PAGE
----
Article is from www.bananabeltgardening.com forum and written by my friend, Patty Spencer of Roseburg, OR.
I don’t cook with Basil. (Actually, I try my best not to cook at all!)
…But I’ve grown an abundance of it every year, for as long as I can remember. Before moving to Oregon, I lived in a northern region with a very short growing season, so I grew only vegetables… there wasn’t time to play with flowers. I focused a lot on companion planting, always planting basil among my veggies, to keep the bugs away.
The basil was always so pretty & it didn’t take long before I was just in love with it. After I moved to a place that actually has enough “summer” to raise flowers, I started planting it every where! In my flower beds, the deep green color accentuates the foliage of other plants, it’s really great for borders & makes a good backdrop, behind ornamentals.
Some plants don’t do well in “hot” soil, but basil certainly is NOT one of them! Getting it started can be touchy, and my observation has been that warm soil & lots of water (good drainage) are the keys to growing Basil from the seed stage & beyond, throughout the growing season.
A few years ago, an old rusty backhoe bucket sat in the vacant field adjacent to our property. I got tired of looking at it, so I filled it with dirt and threw some seeds in. (I chose basil & cosmos seeds cuz that’s what I had most of!) I was absolutely thrilled a few weeks later…
I’ve never seen Basil get so huge… SO FAST!
When I started basil seeds indoors the following year, my seedlings bit the dust after about 3 weeks! This is about as far as they got after I’d planted them indoors under grow lights.
Two weeks after starting seeds indoors. (May) The following week they got leggy and died off.
I figure that I’d made 2 major mistakes… planting them too early, and not providing adequate heat under the starter trays. Everything else came out fine, that I’d started indoors at the same time, but I think the little Basil sprouts had simply used up all their energy trying to thrive in what, to them, was “cold” dirt!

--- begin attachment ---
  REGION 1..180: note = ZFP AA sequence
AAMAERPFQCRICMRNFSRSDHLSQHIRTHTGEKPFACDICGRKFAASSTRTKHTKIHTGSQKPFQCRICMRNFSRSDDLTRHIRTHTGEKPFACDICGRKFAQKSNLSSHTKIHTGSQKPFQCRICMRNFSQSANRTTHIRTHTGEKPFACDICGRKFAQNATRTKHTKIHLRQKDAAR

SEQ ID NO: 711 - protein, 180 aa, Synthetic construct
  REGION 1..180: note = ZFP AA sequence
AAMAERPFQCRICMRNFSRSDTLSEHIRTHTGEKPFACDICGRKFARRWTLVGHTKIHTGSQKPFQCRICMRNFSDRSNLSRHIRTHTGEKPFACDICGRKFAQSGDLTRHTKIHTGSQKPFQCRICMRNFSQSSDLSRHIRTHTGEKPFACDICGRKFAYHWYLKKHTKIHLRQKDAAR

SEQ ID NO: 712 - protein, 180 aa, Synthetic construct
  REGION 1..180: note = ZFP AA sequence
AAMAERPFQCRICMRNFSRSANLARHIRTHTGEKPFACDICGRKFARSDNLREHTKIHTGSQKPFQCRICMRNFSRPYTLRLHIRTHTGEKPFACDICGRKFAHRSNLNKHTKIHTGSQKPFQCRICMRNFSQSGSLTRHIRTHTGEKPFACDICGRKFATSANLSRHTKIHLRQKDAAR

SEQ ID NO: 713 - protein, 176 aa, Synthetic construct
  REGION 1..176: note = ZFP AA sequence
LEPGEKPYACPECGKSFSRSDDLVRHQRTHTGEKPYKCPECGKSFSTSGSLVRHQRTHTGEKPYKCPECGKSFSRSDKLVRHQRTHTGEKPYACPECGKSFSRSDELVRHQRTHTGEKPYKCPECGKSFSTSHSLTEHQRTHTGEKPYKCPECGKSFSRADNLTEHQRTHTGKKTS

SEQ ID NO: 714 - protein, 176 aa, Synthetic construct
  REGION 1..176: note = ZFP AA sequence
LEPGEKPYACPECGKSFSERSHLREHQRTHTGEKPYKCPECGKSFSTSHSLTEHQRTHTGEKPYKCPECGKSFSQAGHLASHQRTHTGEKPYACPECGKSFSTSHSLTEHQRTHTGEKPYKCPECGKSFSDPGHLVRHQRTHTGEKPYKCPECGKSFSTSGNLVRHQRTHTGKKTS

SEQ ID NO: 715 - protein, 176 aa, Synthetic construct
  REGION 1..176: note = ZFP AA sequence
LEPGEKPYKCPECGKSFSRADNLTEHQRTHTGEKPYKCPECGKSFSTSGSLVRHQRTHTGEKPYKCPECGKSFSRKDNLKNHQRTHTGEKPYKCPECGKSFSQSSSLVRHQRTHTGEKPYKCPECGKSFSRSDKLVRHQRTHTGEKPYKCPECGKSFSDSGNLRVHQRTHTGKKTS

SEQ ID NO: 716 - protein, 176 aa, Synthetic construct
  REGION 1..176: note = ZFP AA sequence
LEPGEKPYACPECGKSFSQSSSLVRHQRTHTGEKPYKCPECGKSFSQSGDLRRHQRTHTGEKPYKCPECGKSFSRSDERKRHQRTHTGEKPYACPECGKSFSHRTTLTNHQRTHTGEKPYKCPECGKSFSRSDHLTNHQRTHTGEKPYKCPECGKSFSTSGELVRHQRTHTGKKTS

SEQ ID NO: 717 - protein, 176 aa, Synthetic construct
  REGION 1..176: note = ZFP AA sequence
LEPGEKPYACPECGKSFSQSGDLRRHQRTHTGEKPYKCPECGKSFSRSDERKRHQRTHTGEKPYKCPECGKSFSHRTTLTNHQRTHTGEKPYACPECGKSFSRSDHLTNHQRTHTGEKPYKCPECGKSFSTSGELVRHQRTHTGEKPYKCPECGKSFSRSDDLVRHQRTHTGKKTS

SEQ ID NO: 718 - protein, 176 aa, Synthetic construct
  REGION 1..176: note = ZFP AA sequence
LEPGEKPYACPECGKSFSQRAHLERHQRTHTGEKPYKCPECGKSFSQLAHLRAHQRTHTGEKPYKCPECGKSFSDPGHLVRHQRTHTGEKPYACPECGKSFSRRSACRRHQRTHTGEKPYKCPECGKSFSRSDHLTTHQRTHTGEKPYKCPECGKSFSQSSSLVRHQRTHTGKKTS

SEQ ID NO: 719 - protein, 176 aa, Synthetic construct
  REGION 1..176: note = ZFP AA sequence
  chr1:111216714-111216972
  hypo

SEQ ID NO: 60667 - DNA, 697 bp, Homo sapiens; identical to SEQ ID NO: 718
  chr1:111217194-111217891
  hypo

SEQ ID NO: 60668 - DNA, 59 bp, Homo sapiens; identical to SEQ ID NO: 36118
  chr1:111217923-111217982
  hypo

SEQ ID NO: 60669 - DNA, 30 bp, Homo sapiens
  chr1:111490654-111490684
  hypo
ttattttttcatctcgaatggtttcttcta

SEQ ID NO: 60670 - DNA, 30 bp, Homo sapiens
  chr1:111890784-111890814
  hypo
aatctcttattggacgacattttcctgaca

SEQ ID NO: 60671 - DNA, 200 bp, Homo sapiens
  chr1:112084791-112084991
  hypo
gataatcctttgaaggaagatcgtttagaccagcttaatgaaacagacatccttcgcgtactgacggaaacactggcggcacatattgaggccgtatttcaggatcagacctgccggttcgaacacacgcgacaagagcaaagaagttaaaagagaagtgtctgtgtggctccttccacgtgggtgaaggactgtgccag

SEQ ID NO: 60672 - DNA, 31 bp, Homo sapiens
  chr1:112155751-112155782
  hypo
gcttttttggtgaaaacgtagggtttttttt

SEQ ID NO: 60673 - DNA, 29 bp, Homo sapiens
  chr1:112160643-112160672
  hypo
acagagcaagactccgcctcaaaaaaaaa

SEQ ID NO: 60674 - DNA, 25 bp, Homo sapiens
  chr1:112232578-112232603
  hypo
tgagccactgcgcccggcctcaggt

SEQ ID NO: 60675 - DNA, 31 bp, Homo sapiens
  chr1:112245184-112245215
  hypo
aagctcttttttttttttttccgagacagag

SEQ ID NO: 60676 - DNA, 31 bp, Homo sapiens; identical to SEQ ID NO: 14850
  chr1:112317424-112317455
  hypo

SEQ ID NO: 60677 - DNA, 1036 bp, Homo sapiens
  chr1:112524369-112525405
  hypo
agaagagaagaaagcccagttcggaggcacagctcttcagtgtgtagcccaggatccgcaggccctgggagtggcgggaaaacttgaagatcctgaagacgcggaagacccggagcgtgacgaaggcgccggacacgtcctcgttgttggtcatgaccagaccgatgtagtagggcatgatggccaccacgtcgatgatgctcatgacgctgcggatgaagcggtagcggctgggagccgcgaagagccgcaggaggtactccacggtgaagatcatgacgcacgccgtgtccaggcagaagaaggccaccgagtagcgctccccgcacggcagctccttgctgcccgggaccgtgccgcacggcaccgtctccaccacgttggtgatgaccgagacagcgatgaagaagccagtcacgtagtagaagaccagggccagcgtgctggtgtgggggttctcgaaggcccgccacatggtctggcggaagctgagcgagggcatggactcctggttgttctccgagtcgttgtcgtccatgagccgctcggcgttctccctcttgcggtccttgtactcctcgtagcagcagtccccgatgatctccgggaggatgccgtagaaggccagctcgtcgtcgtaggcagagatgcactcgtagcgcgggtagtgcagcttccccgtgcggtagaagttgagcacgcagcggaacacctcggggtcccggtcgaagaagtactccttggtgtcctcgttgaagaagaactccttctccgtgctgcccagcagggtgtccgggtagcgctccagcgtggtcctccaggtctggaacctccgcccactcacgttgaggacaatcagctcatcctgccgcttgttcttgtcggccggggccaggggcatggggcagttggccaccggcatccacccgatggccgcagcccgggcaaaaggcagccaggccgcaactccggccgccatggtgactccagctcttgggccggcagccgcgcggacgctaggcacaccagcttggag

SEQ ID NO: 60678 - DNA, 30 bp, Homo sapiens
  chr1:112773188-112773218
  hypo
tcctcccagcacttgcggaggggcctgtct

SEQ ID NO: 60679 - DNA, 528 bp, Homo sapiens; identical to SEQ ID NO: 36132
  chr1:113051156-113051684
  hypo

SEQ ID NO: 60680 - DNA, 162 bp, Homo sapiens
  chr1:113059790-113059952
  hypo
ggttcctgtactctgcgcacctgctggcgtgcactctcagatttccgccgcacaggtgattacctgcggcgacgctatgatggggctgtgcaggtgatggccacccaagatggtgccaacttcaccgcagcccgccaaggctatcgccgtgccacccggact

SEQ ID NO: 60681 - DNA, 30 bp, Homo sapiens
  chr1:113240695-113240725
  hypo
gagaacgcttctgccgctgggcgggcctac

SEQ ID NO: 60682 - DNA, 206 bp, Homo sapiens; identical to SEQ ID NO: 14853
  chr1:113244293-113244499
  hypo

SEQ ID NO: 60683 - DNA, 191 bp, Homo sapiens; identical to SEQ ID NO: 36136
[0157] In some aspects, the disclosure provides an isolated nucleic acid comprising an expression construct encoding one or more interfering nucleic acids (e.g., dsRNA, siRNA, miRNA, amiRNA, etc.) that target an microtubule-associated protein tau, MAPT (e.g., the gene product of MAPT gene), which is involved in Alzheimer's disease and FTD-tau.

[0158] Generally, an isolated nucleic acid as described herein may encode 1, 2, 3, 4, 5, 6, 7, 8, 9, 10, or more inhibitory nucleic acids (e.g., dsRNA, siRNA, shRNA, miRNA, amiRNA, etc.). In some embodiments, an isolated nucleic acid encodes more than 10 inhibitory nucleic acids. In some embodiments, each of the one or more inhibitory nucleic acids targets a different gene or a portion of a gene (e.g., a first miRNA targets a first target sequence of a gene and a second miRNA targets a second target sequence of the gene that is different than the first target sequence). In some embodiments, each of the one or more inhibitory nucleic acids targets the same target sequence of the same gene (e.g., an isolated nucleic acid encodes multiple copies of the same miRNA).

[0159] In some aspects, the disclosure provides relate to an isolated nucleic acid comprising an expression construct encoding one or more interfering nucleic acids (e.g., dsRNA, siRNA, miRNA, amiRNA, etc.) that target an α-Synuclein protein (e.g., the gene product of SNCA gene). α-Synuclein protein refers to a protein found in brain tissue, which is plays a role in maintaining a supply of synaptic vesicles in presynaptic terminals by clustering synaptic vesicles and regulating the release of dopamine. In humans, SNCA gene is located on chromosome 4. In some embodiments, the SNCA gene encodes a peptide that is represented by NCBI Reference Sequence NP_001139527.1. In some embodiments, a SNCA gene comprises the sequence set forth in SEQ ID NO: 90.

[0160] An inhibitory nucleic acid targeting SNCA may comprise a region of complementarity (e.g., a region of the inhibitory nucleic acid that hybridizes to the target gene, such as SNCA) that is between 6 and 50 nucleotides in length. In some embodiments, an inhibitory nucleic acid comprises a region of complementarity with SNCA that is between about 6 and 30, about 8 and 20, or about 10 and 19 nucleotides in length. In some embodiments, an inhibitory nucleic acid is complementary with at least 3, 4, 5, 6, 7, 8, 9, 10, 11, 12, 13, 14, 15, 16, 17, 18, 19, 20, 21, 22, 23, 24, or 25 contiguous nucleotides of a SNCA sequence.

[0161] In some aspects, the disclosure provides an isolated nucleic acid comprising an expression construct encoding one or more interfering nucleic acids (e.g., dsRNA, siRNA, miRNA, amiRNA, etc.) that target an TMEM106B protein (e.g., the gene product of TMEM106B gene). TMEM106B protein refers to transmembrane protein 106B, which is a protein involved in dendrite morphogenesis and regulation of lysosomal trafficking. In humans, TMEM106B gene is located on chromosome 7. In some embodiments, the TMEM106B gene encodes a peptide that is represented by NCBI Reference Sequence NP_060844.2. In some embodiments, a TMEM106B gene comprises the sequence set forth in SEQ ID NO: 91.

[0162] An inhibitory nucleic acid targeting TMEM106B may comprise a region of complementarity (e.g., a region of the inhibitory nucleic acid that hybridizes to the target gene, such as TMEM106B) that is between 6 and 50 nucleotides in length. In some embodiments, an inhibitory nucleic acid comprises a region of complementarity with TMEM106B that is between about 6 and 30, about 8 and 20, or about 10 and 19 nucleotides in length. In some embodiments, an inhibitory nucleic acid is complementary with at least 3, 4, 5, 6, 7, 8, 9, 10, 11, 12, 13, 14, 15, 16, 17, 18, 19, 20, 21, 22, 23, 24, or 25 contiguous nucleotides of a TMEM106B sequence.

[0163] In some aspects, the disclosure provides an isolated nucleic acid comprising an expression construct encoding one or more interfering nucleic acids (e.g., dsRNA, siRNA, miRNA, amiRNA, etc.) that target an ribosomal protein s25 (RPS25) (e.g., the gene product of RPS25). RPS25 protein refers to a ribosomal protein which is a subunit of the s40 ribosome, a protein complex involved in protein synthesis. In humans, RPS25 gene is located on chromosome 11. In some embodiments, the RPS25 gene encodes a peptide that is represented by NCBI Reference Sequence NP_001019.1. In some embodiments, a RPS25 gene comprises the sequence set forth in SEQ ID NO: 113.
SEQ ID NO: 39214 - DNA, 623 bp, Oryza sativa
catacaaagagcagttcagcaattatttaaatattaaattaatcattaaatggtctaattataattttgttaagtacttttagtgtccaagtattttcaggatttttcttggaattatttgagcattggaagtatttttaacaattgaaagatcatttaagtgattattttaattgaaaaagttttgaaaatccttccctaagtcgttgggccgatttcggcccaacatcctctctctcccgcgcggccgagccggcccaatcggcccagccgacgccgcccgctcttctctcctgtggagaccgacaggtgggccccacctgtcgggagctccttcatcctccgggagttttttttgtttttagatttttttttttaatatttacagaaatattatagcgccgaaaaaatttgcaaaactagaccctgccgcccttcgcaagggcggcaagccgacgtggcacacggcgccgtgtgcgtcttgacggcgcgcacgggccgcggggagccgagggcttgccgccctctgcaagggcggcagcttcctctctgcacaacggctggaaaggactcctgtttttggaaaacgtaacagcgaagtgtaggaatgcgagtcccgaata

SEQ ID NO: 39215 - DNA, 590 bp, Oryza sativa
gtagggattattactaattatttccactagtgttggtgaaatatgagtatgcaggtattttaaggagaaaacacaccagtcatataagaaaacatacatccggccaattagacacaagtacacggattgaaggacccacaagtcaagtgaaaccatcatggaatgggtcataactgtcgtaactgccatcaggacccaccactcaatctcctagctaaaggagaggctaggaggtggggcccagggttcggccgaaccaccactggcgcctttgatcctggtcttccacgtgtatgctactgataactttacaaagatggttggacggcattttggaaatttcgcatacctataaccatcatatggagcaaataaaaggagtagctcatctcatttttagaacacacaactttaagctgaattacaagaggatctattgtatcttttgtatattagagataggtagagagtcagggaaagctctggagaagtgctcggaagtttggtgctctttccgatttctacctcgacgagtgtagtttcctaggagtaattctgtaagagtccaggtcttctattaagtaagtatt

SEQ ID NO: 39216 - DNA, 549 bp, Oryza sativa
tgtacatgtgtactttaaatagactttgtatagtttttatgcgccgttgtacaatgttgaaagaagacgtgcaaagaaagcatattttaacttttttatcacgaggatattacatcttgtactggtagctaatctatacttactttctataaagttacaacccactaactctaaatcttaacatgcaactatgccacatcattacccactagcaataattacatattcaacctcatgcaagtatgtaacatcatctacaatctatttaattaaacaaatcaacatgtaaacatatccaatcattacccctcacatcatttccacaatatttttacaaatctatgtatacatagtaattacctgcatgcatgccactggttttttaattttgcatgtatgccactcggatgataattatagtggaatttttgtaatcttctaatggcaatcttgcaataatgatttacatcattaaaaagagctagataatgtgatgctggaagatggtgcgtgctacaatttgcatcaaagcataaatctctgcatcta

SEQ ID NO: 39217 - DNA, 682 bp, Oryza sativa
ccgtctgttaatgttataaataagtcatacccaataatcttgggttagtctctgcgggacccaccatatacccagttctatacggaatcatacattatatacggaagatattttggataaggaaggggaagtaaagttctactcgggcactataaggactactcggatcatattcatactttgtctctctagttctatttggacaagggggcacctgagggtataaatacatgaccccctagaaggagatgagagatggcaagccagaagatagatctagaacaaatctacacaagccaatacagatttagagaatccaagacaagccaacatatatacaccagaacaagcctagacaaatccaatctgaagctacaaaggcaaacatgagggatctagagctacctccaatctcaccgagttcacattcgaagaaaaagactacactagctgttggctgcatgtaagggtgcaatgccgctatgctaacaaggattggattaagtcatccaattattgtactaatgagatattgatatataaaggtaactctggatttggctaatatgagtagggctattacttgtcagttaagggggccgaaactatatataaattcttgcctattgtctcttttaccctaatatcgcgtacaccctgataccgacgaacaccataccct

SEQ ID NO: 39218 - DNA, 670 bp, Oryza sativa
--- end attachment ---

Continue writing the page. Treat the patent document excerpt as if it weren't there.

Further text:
I remembered that when I had moved the plants from the backhoe bucket into my gardens, the soil in that big metal container was almost uncomfortably warm from sitting there in the blistering heat… so I had a brainstorm & planted basil seeds in copper pots in the middle of May. (I set them out where they would be in the sun during the day & brought them indoors every night… always keeping them in temps above 50°.) They took off like a shot! I was able to transplant them to the garden as soon as the ground warmed up.
Two weeks after starting seeds outdoors in copper pots. (June)
I’m not sure which other plants respond this way when their seeds/roots are in real warm soil, other than Sun flowers & Zinnias.
Here are a few things that I’ve learned first hand, about growing basil:
* Apparently deer don’t appreciate aroma therapy, so they steer clear of basil stands. (They would rather snack on mild things… like peas & beans!) Dill, Devil’s Claw, Marigolds & Anise are all in that same pungent, aromatic category.
* Basil keeps most of the “bad” bugs away (mosquitoes, tomato worms, aphids & whitefly) & also helps prevent soilborne diseases & mold in veggie gardens.
* When planting basil with your tomatoes, they should be within 18″ of each other. Be sure that the basil is on the “sunny side” rather than in a spot where they’ll be shaded by the tomato plant.
* Basil flowers are pretty & will attract bees & butterflies, but don’t let them go for very long before clipping them off. This will force energy back into the plant & make it last longer.